The irony is that subtext seems like a small subject.
It’s not often addressed in screenwriting courses, where the focus is often on the fundamentals of craft. Subtext may be as subtle as adding a few words to a sentence or tweaking a moment in a scene, but its impact is immense. Subtext is the key to turning up the volume on your writing.
Subtext makes writing visceral. It can put the reader in the shoes of your characters, engaged and utterly absorbed in the moment. Without going too far into neuroscience, you can readily learn to imbue your description with the expressions, gestures, body language and behavior that actives the readers brain and, quite literally, makes us feel what your characters are experiencing. It is well worth mastering this skill that has the power to convince industry professionals that you are a writer we want to know and work with.
Shh: Subtext – Think Before Your Character Speaks
Dialogue is an important part of any script. Dialogue can advance the story and reveal character – hopefully both. But it is not the only way or the most powerful way to engage your reader and create and extraordinary reading experience.
Often, it is not what your characters say, but what they don’t say that has the most impact on readers – your first audience.
The unexpressed thought or feeling, the cut off sentence, can be more emotionally charged than eloquent dialogue. While lean dialogue with distinctive character voices is highly prized, think about real life. It’s not so easy to form articulate sentences and express complex emotions, much less have an eloquent monologue spill from our mouths. We struggle to say what we mean, and sometimes to avoid the truth.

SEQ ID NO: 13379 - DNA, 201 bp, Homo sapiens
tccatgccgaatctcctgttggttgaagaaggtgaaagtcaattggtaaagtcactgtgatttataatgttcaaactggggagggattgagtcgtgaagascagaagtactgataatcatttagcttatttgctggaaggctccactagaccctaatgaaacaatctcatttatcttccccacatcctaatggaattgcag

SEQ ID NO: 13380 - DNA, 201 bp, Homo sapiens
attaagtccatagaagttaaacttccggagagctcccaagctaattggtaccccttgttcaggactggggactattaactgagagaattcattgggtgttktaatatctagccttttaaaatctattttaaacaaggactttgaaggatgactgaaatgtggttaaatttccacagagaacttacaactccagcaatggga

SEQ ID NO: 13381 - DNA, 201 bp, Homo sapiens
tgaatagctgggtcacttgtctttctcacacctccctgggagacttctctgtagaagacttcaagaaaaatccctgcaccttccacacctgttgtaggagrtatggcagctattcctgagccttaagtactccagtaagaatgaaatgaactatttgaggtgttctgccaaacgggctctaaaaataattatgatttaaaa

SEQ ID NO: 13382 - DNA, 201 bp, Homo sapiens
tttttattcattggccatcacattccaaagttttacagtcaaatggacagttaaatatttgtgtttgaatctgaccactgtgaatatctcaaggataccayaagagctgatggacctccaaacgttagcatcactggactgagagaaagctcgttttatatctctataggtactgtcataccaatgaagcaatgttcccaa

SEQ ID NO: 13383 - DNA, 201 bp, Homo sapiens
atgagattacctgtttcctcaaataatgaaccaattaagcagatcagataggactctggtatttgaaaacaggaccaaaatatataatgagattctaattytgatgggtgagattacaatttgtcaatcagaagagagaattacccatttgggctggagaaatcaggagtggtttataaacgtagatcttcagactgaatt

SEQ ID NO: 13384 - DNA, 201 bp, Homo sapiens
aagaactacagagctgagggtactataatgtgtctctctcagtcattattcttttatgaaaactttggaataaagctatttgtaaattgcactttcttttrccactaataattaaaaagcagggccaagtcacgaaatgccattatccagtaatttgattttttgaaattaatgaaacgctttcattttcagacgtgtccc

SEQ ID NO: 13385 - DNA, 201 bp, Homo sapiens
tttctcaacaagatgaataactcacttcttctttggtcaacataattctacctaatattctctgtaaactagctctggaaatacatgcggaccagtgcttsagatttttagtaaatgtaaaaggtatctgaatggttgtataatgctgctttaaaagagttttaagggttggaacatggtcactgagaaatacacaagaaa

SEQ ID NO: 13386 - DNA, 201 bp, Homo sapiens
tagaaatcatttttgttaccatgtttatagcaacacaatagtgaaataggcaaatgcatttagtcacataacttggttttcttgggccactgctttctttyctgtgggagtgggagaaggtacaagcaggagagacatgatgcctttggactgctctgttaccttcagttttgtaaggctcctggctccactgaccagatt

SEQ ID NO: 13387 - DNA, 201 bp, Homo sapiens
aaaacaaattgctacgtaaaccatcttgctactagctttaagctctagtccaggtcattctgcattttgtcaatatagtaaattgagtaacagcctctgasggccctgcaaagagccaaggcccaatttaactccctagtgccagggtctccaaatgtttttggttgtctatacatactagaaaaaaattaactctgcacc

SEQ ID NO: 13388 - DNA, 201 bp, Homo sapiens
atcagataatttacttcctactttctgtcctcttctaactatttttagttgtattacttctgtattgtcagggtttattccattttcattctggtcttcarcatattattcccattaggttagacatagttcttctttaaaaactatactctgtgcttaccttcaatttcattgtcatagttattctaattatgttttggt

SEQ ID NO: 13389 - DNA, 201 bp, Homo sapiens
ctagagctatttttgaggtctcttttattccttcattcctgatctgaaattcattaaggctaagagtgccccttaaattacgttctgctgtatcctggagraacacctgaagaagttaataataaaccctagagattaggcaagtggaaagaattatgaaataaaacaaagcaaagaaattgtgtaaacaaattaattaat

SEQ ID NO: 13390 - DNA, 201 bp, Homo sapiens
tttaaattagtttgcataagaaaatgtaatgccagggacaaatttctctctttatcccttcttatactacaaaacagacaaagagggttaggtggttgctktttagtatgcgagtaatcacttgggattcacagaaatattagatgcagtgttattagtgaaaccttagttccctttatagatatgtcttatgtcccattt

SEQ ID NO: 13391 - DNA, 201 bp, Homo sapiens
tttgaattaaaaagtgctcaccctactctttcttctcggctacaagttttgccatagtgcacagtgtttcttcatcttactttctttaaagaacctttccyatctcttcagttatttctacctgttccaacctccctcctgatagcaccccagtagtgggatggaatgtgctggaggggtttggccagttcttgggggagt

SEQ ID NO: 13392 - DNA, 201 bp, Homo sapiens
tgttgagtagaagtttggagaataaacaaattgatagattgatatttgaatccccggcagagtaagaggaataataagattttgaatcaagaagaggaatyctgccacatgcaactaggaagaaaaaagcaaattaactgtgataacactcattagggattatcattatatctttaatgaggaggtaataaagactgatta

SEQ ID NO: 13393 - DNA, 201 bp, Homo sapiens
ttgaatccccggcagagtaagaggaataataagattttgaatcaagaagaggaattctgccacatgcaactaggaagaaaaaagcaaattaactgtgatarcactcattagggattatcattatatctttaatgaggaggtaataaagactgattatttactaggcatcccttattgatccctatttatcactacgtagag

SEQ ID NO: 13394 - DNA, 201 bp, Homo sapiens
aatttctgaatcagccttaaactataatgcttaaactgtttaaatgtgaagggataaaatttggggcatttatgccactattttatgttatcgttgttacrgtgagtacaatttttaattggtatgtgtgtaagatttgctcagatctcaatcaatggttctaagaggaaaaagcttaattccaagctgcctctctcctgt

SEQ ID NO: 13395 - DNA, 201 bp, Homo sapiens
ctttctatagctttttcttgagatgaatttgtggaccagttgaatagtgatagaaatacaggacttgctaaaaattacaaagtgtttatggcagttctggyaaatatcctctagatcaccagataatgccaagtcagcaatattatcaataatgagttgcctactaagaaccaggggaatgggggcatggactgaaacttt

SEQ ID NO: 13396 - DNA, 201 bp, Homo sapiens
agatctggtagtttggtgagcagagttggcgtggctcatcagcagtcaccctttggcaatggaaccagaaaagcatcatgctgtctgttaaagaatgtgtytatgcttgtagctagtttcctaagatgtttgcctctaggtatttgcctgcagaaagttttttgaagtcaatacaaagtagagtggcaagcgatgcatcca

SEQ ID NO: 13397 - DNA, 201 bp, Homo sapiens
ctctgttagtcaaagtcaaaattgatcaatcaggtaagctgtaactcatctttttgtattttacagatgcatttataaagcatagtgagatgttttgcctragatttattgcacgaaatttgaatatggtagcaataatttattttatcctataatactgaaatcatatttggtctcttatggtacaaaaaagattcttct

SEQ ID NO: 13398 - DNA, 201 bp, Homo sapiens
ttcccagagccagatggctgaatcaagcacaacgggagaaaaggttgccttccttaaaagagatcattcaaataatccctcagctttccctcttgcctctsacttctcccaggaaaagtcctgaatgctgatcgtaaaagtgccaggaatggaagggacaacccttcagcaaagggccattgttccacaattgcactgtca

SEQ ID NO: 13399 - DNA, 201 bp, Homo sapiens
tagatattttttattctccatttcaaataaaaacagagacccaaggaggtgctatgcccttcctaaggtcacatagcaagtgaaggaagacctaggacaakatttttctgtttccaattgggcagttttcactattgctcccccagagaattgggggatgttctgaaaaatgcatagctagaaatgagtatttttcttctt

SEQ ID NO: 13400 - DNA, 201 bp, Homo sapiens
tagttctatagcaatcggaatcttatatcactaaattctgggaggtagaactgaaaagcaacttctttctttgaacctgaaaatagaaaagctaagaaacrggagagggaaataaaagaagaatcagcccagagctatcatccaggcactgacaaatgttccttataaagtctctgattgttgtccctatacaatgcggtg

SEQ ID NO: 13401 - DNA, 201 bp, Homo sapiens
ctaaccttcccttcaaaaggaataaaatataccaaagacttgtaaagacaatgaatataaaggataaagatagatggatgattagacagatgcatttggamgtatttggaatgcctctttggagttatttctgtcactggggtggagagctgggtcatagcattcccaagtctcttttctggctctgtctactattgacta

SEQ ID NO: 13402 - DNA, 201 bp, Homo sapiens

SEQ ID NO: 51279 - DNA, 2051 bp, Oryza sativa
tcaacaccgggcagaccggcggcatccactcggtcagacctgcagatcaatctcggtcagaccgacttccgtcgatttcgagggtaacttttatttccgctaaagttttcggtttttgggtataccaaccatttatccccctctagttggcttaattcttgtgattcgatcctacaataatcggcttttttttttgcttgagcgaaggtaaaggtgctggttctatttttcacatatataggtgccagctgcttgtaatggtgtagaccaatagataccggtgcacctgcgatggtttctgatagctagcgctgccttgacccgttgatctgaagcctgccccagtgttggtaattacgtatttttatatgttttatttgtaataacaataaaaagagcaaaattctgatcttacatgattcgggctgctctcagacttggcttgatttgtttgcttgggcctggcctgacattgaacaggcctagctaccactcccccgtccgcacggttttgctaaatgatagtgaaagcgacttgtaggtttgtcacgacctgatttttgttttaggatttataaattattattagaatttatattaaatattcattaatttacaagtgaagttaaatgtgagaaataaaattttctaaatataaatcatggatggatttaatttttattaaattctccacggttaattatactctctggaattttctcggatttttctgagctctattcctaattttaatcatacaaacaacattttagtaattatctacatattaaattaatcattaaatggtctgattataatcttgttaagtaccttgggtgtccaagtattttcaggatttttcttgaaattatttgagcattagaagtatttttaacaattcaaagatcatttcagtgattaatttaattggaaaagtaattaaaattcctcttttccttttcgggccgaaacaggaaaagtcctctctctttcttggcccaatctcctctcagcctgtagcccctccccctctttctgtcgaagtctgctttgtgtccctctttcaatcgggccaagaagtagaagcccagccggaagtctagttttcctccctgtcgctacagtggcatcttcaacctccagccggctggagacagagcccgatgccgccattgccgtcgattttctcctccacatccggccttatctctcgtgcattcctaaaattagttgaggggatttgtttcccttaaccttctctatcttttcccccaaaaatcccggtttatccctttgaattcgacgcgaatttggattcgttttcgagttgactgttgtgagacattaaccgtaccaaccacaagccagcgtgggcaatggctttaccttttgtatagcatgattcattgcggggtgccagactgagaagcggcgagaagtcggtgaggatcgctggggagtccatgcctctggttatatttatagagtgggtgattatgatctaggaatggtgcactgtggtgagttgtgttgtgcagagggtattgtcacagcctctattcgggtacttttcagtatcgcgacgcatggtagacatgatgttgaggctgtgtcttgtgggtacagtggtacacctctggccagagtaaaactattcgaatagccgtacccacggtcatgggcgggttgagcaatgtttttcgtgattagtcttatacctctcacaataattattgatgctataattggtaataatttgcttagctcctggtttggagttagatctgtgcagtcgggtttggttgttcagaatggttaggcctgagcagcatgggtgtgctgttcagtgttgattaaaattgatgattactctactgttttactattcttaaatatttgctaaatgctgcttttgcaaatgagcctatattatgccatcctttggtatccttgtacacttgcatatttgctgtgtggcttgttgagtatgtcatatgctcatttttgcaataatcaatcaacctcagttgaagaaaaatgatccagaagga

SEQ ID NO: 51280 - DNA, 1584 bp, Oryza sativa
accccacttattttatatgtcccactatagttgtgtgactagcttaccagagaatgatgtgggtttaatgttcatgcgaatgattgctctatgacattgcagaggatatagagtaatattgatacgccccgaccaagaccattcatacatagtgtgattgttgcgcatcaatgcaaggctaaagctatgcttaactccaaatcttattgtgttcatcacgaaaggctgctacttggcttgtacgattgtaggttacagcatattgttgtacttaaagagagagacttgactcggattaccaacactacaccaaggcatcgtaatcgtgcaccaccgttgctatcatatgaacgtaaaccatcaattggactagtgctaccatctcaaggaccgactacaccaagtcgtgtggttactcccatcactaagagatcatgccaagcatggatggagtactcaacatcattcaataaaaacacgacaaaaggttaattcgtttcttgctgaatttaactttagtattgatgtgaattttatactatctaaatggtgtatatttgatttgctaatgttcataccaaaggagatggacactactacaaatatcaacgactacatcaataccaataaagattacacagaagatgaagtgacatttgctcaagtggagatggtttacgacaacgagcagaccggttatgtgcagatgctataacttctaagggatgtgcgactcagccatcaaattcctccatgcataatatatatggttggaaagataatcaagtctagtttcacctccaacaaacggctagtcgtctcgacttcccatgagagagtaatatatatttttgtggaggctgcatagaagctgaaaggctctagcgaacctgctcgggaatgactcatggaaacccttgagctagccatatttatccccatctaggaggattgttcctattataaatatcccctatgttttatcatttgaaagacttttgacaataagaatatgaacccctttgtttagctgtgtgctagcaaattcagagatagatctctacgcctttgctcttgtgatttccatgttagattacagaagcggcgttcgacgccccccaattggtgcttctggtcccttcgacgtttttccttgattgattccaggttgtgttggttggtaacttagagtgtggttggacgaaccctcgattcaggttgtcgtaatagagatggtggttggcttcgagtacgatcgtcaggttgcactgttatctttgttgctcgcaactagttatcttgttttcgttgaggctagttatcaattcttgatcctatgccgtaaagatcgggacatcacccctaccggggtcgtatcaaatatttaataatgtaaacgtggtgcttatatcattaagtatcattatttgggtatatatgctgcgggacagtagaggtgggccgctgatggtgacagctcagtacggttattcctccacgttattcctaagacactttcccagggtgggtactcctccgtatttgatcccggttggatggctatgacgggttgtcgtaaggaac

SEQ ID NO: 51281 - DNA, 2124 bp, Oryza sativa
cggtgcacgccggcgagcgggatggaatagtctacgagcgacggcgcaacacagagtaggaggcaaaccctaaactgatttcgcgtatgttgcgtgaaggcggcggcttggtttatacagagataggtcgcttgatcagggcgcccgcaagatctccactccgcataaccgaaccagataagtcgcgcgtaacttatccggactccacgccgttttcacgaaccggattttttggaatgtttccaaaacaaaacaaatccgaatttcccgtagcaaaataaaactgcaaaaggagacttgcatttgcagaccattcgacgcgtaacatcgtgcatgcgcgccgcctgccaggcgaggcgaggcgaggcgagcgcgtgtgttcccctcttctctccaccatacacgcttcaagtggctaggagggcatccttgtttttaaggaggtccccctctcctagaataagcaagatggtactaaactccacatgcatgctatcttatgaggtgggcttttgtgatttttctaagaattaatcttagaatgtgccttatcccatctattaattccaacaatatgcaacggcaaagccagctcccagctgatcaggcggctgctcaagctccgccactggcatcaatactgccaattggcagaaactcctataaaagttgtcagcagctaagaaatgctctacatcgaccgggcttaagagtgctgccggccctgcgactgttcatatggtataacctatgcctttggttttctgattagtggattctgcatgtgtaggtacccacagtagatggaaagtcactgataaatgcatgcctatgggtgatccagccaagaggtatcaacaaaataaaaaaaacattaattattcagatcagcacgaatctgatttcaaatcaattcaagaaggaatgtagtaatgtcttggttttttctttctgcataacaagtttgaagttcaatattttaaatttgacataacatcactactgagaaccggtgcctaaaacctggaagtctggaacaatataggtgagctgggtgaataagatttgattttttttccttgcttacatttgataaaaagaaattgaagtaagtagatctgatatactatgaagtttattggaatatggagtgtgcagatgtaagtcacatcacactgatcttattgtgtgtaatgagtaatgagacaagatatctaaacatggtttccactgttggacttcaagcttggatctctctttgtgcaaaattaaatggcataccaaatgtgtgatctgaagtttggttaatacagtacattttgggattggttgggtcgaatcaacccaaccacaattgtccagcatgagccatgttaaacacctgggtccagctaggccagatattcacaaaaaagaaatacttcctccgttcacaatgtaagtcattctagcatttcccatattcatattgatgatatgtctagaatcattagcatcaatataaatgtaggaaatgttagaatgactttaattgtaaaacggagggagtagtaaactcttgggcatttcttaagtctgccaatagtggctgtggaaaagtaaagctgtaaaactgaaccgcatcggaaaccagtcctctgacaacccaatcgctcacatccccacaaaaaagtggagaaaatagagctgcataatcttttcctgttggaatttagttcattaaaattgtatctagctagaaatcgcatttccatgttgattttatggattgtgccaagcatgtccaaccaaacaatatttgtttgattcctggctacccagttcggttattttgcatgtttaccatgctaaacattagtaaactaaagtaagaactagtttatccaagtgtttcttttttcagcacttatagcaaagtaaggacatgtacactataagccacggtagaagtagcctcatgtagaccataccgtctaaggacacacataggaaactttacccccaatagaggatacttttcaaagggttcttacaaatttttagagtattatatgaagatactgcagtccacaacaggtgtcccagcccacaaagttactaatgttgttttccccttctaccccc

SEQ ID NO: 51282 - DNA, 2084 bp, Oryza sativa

When your characters spell out exactly what they are thinking and feeling in dialogue, the most frequent note you will get is the complaint, “OTN” which stands for On The Nose. It feels stiff and unnatural. It doesn’t reflect real life. It makes characters seem one-dimensional and leaves scenes feeling flat.
I’ve drawn on this example before, in a column called “Use Your Words,” but it is such a dynamic illustration that it's worth a second look.
Think of the familiar television medical drama scene: A doctor must tell the patient’s loved one that they died. Often, this is a scene shown without dialogue. Why?
First, we already know what happened from seeing the scene before. Putting the same information in dialogue would be repetitive.
Next, we know what the words are:
“I’m sorry, we did everything we could, but…”
Because we’ve seen this scene countless times. There really is no new way to do it.
That’s why we see this shot from a distance – often with a character, or the audience, watching through a pane of glass.
Finally, there is a larger reason. There is more impact without words than any dialogue can provide. It’s the emotional reaction of both the grieving person, along with the doctor’s effort to inhibit their own reaction, while they do truly care, that is gut wrenching. That comes across with the greatest impact through the actors’ reactions – their facial expression, gestures and body language. Because we cannot hear – we can only see – our focus is entirely on the subtext. That turns up the volume on our own visceral reaction.
We see the doctor take a deep breath, girding herself before entering the glassed in room.
We see her speak to the mother of the dead patient.
We see a moment where the mother’s brain is struggling to process. In shock, she's frozen, barely breathing. And then, her entire body collapses in grief.
We see her throw her arms around the doctor, sobbing.
We see the doctor, stiffly accepting the embrace, lightly patting the mother on the back to comfort her. But on their face, we see that they are torn between their own inner emotions – their human guilt and sorrow – and this part of their job as a doctor that they have been trained to do.
Dialogue would distract from the experience of the moment.
Subtext speaks louder than words.
Our own emotions about loss – a universal feeling – are activated. The scene is more impactful MOS – With Out Sound.